Earwigs — fairly large and imposing insects with scary pincers on their rears — have inspired superstitions for hundreds of years now. Contrary to popular belief, there is absolutely no scientific evidence that earwigs have a tendency to crawl into humans ears. They do not bite or sting people or pets like cats and dogs either, although they will absolutely use their pincers if they feel threatened.
Earwigs strongly prefer damp and dark environments. Most earwig species are scavengers who primarily eat decaying plant and other organic matter, but a few are predators that target other insects. Quite a few earwig species do snack on living plants, particularly the roots. Since earwigs are mostly outdoor bugs, anyone wondering how to get rid of earwigs most likely has them in the garden. Earwigs do occasionally make their way into people’s homes, however, where they are most likely to be found in and around (compost) bins and houseplants.
What can you do to get rid of earwigs, whether outdoors or inside?
Because earwigs will use their pincers if they feel threatened, during which time they can also emit a foul-smelling substance, it is best to avoid handling earwigs with your hands. They’re not dangerous, per se, but they are unpleasant. If you spot a single earwig in your home, you may be able to squash it or trap it to release it outside. However, earwigs move quite quickly — and that’s why hoovering them up is quite an effective way to catch an earwig.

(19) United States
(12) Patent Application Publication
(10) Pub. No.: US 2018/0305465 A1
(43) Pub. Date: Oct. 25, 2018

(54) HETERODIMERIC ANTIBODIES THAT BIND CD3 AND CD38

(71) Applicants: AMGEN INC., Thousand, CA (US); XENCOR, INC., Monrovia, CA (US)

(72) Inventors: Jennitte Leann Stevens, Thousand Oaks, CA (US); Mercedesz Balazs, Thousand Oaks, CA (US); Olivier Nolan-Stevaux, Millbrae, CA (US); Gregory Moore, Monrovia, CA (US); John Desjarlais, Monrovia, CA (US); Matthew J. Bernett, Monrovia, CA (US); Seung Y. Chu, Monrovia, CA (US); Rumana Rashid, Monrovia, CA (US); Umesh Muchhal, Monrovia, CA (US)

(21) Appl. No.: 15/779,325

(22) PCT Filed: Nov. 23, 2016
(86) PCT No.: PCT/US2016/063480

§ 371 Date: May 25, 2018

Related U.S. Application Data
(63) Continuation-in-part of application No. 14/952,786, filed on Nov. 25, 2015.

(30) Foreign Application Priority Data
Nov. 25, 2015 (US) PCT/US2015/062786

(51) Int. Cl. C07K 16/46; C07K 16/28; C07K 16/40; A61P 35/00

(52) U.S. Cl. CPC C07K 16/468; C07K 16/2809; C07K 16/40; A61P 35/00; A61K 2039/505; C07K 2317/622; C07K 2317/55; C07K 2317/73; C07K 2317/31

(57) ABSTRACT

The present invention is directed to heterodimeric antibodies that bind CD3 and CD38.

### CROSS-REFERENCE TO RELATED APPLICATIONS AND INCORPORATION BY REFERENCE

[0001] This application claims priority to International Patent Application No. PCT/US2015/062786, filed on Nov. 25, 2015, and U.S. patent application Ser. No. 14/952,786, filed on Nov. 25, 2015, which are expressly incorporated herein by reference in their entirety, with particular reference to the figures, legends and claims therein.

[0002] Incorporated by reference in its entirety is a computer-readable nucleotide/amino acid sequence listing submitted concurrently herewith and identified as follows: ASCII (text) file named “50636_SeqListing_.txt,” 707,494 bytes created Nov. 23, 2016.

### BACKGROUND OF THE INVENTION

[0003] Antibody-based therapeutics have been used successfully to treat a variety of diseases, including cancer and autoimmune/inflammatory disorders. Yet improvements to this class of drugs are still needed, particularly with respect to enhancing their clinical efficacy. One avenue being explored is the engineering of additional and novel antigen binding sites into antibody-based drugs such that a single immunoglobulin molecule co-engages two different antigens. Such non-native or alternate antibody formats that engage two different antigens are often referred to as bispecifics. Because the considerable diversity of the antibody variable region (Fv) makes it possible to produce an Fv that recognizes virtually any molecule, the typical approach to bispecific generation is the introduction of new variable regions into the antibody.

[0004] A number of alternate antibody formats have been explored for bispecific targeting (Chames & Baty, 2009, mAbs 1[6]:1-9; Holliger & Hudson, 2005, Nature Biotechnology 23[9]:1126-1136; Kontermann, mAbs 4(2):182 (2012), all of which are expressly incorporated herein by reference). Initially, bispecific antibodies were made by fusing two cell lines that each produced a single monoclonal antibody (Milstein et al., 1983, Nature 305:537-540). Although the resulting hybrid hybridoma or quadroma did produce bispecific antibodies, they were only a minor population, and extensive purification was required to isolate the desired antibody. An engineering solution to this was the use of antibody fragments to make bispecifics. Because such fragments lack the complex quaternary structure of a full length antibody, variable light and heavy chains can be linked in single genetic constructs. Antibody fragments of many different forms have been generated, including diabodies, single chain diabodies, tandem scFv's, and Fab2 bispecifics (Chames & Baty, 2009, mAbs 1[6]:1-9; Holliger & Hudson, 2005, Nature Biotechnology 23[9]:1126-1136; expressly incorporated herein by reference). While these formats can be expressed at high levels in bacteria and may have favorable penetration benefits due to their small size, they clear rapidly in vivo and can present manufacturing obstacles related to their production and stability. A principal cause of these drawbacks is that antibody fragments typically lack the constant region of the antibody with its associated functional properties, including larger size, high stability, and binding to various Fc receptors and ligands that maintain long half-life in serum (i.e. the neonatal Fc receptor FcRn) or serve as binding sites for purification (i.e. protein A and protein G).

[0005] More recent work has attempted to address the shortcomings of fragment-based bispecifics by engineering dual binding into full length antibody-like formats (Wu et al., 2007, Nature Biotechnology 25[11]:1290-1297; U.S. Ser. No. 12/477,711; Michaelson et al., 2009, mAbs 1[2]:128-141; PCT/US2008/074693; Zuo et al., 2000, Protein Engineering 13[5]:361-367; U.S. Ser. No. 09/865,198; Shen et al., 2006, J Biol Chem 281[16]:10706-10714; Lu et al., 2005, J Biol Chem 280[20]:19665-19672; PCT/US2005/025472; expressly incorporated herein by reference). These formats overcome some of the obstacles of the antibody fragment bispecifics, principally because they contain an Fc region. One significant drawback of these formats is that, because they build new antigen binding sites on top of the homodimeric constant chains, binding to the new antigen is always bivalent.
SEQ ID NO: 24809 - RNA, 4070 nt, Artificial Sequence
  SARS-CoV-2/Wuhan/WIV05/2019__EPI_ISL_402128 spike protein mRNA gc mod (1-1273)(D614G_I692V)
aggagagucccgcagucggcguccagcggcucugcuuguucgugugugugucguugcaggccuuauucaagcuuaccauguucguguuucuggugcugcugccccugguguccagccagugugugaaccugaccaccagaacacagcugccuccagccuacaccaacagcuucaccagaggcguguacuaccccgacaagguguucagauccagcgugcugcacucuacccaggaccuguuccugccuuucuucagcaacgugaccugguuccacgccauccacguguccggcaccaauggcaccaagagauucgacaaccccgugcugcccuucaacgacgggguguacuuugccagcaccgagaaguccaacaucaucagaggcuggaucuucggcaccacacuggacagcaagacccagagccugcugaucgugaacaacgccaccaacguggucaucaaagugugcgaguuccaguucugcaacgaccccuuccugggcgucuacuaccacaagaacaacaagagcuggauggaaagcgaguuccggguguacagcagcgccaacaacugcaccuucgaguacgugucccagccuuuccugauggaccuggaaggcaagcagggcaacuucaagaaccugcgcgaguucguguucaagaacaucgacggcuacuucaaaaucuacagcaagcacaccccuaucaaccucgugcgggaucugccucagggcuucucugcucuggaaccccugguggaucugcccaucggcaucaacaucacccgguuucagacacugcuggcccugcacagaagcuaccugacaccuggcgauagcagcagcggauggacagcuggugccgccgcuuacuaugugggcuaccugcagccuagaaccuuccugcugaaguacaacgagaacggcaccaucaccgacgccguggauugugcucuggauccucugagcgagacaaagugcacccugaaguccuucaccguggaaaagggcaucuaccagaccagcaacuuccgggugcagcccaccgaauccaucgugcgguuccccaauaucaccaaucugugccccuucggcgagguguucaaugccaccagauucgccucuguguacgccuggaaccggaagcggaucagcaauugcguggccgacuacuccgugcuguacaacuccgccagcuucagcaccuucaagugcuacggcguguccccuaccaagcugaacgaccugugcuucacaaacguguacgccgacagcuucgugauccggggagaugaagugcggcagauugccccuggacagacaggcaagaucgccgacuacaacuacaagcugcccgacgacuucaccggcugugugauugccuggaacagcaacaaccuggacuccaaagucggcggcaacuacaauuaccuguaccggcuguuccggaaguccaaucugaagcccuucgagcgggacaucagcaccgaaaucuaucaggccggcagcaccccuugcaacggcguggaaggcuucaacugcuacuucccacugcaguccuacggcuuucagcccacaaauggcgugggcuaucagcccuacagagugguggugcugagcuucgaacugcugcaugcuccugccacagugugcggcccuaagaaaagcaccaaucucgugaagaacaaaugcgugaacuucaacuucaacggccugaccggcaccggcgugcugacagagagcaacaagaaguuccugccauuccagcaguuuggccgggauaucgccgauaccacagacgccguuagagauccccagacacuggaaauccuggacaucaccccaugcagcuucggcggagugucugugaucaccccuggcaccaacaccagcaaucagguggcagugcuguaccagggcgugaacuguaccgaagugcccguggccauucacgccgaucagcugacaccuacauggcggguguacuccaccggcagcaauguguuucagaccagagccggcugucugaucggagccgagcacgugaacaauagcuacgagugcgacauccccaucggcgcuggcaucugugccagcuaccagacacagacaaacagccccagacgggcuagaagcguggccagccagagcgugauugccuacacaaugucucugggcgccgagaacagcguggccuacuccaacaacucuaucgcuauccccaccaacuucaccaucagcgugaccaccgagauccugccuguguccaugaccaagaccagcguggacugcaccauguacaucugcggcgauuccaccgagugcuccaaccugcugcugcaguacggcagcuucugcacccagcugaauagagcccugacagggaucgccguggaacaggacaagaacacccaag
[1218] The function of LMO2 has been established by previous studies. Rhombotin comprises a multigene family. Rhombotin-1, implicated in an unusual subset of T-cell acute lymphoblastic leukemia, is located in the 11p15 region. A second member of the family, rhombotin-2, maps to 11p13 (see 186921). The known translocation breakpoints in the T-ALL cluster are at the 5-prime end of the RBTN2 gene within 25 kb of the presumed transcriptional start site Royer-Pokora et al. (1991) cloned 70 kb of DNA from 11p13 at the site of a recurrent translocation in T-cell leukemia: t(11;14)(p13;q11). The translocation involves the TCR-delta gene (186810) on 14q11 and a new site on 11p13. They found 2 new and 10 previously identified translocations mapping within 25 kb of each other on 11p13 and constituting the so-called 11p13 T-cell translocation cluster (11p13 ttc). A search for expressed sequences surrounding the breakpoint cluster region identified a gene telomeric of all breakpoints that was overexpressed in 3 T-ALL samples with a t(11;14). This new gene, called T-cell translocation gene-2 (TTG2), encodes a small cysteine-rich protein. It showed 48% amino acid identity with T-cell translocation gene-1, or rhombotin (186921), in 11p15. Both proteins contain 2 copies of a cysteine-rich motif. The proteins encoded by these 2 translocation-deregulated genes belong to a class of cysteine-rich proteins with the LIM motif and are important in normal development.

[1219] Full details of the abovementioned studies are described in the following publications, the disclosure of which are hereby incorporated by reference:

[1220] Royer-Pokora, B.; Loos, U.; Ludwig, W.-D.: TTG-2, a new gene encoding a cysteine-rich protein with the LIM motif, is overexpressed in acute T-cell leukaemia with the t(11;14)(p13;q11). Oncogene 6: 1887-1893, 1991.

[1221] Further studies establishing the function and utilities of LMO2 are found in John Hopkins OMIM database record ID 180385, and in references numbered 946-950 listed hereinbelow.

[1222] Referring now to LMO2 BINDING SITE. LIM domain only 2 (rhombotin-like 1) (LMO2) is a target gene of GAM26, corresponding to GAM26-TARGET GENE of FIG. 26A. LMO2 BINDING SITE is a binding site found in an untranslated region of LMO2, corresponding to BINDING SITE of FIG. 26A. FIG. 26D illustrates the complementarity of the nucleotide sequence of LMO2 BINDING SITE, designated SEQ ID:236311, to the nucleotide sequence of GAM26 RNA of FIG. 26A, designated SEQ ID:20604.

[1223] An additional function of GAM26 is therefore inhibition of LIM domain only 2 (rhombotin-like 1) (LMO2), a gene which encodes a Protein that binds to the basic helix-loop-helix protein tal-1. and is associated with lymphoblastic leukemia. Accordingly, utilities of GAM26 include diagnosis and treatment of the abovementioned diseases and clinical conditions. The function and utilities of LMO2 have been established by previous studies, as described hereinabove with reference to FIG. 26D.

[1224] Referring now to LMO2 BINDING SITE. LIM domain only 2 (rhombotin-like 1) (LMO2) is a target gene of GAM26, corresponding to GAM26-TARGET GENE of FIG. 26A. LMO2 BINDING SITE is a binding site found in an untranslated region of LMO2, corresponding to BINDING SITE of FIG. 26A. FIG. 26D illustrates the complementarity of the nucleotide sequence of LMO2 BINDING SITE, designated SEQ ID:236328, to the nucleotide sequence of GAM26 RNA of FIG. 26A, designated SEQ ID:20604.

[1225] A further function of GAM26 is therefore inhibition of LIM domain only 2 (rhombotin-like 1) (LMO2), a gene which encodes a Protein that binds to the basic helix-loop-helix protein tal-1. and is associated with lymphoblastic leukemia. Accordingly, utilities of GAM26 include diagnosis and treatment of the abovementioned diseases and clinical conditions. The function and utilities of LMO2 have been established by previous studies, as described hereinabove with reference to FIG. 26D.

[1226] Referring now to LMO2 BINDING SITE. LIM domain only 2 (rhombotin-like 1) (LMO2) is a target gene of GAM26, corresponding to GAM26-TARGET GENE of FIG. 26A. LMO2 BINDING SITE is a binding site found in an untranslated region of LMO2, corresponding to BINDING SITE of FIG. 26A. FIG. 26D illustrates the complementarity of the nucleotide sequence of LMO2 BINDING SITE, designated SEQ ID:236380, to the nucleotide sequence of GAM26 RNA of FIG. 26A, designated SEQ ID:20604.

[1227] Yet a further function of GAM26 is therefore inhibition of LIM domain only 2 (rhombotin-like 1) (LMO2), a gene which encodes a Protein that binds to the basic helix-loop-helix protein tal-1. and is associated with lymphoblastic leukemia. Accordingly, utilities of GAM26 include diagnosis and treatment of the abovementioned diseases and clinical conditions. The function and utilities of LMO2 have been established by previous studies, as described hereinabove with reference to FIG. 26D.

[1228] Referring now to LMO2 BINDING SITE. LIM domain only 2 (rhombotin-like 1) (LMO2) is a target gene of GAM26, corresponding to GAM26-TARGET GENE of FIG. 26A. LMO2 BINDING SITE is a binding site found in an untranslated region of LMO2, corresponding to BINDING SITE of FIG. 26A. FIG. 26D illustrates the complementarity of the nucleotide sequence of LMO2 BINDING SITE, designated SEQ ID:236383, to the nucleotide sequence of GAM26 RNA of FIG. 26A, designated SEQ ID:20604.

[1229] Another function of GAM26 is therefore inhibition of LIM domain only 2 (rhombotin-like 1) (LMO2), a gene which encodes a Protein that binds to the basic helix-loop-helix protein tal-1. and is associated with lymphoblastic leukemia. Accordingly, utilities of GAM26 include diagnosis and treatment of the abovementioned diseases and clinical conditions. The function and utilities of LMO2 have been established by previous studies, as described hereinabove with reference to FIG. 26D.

If you suspect that you have a larger earwig infestation in your home, it may, however, be time to call in the pest control professionals. These indoor infestations are rare, but possible in cases of crawl spaces with a lot of soil, or in homes with numerous houseplants. The best things to do would be to concentrate on ways to render the space inhospitable to earwigs, rather than to focus on killing individual earwigs. Many insecticides are, however, efficient at killing earwigs. To achieve this goal without harm to people, pets, and plants, a pest control company that focuses on integrated pest management is your best bet.
To prevent earwigs from entering your home, the following pesticide-free steps are very effective:
In the garden, you can:
Earwig traps can also play a role in eliminating these pests from your garden and home alike. You have several options, which rely on the same principle of attracting earwigs, causing them to fall in to the trap, and preventing them from coming back out:
The surface tension created by the soap or oil will prevent earwigs from exiting the trap once they have made it inside. Oily traps will naturally attract earwigs, but soapy ones will not necessary do so, so you will want to cover these with a light coating of old leaves or compost. Like other nocturnal bugs, earwigs seek out light sources — so setting up a small light that shines directly at the trap will make the trap more effective. Once earwigs have fallen in, you can discard the trap and set up a new one.